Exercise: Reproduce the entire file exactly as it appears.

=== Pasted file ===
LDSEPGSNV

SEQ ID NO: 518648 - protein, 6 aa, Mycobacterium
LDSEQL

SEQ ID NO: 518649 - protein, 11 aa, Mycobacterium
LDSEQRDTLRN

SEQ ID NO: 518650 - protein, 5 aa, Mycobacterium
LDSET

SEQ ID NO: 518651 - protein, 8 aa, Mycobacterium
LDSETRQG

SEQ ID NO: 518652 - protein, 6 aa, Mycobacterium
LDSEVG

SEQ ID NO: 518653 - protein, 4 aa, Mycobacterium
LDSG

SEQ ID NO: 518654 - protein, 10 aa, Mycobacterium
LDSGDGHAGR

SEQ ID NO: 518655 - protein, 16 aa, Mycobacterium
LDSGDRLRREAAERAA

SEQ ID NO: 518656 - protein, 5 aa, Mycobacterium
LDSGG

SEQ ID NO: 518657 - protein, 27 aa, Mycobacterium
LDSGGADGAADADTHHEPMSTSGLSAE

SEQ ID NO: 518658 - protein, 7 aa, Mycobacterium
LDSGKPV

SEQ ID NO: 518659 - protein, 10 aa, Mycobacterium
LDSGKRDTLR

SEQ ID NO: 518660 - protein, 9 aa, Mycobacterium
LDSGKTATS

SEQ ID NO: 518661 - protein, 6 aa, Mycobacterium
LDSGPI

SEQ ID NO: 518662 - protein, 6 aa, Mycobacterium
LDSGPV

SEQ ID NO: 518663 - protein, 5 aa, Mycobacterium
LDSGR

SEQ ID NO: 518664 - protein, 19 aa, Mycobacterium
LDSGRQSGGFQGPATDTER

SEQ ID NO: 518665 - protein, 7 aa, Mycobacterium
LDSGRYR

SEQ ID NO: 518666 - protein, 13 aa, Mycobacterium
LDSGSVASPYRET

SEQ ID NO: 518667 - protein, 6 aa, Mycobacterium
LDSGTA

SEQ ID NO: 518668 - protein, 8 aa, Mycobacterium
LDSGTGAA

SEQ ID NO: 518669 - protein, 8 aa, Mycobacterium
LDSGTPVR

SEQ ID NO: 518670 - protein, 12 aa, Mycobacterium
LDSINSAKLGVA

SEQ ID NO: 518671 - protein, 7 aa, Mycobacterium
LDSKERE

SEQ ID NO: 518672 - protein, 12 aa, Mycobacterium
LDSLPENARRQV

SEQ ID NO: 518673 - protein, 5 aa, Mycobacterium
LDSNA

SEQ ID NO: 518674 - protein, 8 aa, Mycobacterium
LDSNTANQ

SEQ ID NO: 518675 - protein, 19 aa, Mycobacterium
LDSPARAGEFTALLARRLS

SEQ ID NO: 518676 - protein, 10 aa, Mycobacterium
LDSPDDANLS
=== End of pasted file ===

LDSEPGSNV

SEQ ID NO: 518648 - protein, 6 aa, Mycobacterium
LDSEQL

SEQ ID NO: 518649 - protein, 11 aa, Mycobacterium
LDSEQRDTLRN

SEQ ID NO: 518650 - protein, 5 aa, Mycobacterium
LDSET

SEQ ID NO: 518651 - protein, 8 aa, Mycobacterium
LDSETRQG

SEQ ID NO: 518652 - protein, 6 aa, Mycobacterium
LDSEVG

SEQ ID NO: 518653 - protein, 4 aa, Mycobacterium
LDSG

SEQ ID NO: 518654 - protein, 10 aa, Mycobacterium
LDSGDGHAGR

SEQ ID NO: 518655 - protein, 16 aa, Mycobacterium
LDSGDRLRREAAERAA

SEQ ID NO: 518656 - protein, 5 aa, Mycobacterium
LDSGG

SEQ ID NO: 518657 - protein, 27 aa, Mycobacterium
LDSGGADGAADADTHHEPMSTSGLSAE

SEQ ID NO: 518658 - protein, 7 aa, Mycobacterium
LDSGKPV

SEQ ID NO: 518659 - protein, 10 aa, Mycobacterium
LDSGKRDTLR

SEQ ID NO: 518660 - protein, 9 aa, Mycobacterium
LDSGKTATS

SEQ ID NO: 518661 - protein, 6 aa, Mycobacterium
LDSGPI

SEQ ID NO: 518662 - protein, 6 aa, Mycobacterium
LDSGPV

SEQ ID NO: 518663 - protein, 5 aa, Mycobacterium
LDSGR

SEQ ID NO: 518664 - protein, 19 aa, Mycobacterium
LDSGRQSGGFQGPATDTER

SEQ ID NO: 518665 - protein, 7 aa, Mycobacterium
LDSGRYR

SEQ ID NO: 518666 - protein, 13 aa, Mycobacterium
LDSGSVASPYRET

SEQ ID NO: 518667 - protein, 6 aa, Mycobacterium
LDSGTA

SEQ ID NO: 518668 - protein, 8 aa, Mycobacterium
LDSGTGAA

SEQ ID NO: 518669 - protein, 8 aa, Mycobacterium
LDSGTPVR

SEQ ID NO: 518670 - protein, 12 aa, Mycobacterium
LDSINSAKLGVA

SEQ ID NO: 518671 - protein, 7 aa, Mycobacterium
LDSKERE

SEQ ID NO: 518672 - protein, 12 aa, Mycobacterium
LDSLPENARRQV

SEQ ID NO: 518673 - protein, 5 aa, Mycobacterium
LDSNA

SEQ ID NO: 518674 - protein, 8 aa, Mycobacterium
LDSNTANQ

SEQ ID NO: 518675 - protein, 19 aa, Mycobacterium
LDSPARAGEFTALLARRLS

SEQ ID NO: 518676 - protein, 10 aa, Mycobacterium
LDSPDDANLS